Oh, the trials and tribulations of being a potato beetle in Wisconsin; as warm weather finally arrives and the Colorado potato beetles wake up from their long winter’s nap, what happens in their world? Let’s look at it from the beetle’s point of view:
Must be spring, I’m feeling a glimmer from up there in the world, maybe a hint of warmth. Must be planting time, we had best get our abdomens in gear or we’ll miss those tasty first potato shoots. I remember the folklore from when the ancestors were back in Colorado scrabbling to sniff out enough buffalo burr to scratch out a meal and raise a brood or two. They thought they had it hard, but that was nothing to what these Wisconsin farmers are throwing at us these days! Sure we have potatoes now—great food and lots of it, enough for all our brood—but it isn’t that easy. At first they hit us with all those insecticides, nasty but not a big deal; we just kicked- up the right immunity gene and now we are resistant. But they don’t quit either and now there seems no end to the obstacles they come up with to keep us down.
First they won’t even let us sleep in the winter. We were always snug under the pines, protected by a blanket of snow. Then, in Coloma in the ‘90s, they plowed the snow in January for no reason than to see how we liked the cold. Well, when the temperature drops from 32 to 22 degrees F overnight, we can’t survive. We lost a whole generation that night! Luckily a root saved a few of us, and we were able to rebuild.
Enough daydreaming, time to dig out, find a male, lay some eggs and enjoy the feast! It should be right over there next to last years, but wait, I can only just smell it, must be a quarter mile away this year. Why would the farmer do that? It’s too cold to fly and crawling will take weeks, I only have 6 legs for gosh sake! And if I crawl, I will have to remember to watch out for those black plastic canyons. I remember that disaster from last year. It takes a pretty evil farmer to put a deep ditch next to the feast. Almost the whole clan crawled in, but then no-one could crawl out, almost lost everyone that year! What a waste, 20 generations all lost on their way to the party…
But back to the present, I’m almost there but out of energy after that trek. I will have to reabsorb some eggs, just leave enough for one brood. Well I am here now along with the rest of the clan and these plants taste great, but why are there only a few rows? I sure hope this isn’t another of those traps to lure us in. I remember the time when we were feasting on a few rows and that giant tornado (aka crop vacuum) sucked up just about everybody. Only ones to survive were us smart ones who dropped to the dirt, maybe I’m just being paranoid. But what’s that roaring noise? Down to the dirt, quick, but it’s so hot and there are flames (a propane flamer?). What’s next? All I can do now is squeeze out an egg mass or two and see if I can hang on to see them hatch…..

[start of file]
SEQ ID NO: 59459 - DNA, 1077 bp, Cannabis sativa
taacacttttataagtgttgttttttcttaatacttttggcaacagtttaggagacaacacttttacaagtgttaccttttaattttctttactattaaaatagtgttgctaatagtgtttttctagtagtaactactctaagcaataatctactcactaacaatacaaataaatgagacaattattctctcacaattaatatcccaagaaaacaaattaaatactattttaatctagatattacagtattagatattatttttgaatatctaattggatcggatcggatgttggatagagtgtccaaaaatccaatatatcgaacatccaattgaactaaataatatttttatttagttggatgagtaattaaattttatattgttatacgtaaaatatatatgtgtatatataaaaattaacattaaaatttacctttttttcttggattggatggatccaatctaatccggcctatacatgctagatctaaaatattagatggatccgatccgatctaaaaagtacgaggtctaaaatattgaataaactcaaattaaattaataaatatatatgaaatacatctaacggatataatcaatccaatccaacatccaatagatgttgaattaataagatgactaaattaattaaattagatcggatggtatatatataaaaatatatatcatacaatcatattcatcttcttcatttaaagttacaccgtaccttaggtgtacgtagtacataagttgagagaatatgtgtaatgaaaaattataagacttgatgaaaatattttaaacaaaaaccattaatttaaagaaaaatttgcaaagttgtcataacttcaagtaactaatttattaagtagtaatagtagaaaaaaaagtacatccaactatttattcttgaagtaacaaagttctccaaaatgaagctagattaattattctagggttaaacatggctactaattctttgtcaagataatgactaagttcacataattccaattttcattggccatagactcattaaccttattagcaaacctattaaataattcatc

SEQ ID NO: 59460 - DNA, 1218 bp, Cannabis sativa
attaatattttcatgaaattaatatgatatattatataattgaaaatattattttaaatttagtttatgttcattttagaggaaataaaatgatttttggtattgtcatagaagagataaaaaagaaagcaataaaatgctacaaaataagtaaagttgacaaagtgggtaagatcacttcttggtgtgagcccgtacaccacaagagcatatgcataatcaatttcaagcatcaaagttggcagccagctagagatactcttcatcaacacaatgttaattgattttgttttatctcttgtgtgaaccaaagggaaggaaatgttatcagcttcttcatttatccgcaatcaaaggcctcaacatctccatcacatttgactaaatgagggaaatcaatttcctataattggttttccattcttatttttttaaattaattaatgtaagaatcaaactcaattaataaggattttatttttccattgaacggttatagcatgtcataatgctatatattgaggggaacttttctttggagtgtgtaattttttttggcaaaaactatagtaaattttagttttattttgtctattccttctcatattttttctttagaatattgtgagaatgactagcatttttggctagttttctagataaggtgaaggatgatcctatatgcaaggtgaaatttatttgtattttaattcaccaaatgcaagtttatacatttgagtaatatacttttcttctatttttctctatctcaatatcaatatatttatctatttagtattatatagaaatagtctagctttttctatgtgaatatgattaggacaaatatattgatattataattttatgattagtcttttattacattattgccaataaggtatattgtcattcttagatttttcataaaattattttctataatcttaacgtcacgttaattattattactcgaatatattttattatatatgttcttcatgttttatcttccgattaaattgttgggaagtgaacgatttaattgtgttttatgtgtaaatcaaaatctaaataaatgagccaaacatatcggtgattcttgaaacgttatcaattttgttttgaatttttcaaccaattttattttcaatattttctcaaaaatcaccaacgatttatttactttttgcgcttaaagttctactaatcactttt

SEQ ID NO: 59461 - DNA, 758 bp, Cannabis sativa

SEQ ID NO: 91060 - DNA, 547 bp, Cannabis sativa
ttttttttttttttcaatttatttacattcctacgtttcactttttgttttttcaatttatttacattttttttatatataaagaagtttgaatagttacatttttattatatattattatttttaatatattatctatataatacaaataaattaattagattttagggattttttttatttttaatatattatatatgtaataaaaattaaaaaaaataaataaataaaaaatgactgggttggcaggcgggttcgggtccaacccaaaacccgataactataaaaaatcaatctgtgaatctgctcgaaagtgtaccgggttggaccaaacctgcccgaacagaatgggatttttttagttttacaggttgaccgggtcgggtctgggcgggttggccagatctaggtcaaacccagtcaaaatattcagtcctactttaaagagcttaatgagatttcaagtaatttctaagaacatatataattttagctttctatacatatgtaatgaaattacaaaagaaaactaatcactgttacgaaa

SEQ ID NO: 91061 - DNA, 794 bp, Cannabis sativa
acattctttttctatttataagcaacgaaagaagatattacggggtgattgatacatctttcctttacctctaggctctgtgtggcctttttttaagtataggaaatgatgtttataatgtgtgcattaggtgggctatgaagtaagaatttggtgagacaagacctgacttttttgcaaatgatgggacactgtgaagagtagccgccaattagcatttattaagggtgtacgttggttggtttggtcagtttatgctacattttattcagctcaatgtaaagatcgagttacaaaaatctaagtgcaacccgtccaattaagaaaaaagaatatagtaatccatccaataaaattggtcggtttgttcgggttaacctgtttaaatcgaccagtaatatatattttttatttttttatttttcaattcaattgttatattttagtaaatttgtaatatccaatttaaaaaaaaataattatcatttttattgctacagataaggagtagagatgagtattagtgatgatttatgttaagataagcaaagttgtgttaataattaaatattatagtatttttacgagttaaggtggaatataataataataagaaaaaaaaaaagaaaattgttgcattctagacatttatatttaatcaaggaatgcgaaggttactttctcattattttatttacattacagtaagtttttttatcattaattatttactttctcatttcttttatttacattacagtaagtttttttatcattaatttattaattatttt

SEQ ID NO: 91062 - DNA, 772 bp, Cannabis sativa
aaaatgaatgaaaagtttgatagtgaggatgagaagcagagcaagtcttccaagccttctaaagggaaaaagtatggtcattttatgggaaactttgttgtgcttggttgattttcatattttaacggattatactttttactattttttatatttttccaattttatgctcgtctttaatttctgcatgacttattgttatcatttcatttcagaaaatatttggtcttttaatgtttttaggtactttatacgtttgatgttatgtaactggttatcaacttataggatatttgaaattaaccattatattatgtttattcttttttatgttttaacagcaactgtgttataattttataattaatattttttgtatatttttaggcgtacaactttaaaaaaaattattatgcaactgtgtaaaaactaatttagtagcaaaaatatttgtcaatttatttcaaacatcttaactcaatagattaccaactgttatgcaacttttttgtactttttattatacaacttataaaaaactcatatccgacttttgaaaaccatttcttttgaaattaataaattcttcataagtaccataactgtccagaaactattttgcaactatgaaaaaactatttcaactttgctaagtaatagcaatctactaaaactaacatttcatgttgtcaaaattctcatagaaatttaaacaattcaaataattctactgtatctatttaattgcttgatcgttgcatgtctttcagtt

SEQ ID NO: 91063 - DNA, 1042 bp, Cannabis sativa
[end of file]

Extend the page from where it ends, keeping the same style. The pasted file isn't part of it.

Looks like I’ll make it, the eggs are about to hatch. Oh no! Here comes one of those predators again (other bugs like to eat us, I guess we taste good) and he is eating every last egg. We never had to worry about them when the farmers still used insecticides, while we built resistance; it killed them off every year. But it’s a different story now; all these new attacks aimed at every part of our life cycle and the new chemistries that only kill us and let those nasty predators thrive. It’s too much! Time to seek a simpler life, where are those nightshades? I don’t care if isn’t as good as potatoes and even if it helps the farmer, at least we will survive!
Does all this sound unlikely? On the contrary, as Colorado Potato Beetles (as we know them!) became increasingly resistant to conventional controls, the farmers of the Central Sands worked closely with UW researchers to understand everything about their ecology, biology and behavior. By identifying the weak links, they have developed innovative ways to control populations. We know beetles don’t actually think in these terms, but the story illustrates some of the cultural controls actively employed by farmers in the Central Sands over the past two decades to reduce beetle numbers. These have included: freezing, spatial rotation of crops, plastic trenches, trap crops, crop vacuums, propane flamers and conservation of predators. Deana Knuteson, who first demonstrated the potential for spatial rotations of just a quarter mile to reduce beetle infestation by over 80% and designed landscapes to limit beetle populations states, “one of the easiest methods to reduce beetles feeding in your field is to rotate long distances since they just can’t travel that far in the spring. It may sound simple, but it is effective!”
Just another example of the innovative strategies growers use to manage their farms from pests to ensure an abundant, safe food supply for your family. (For more information, please visit: labs.russell.wisc.edu/vegento/)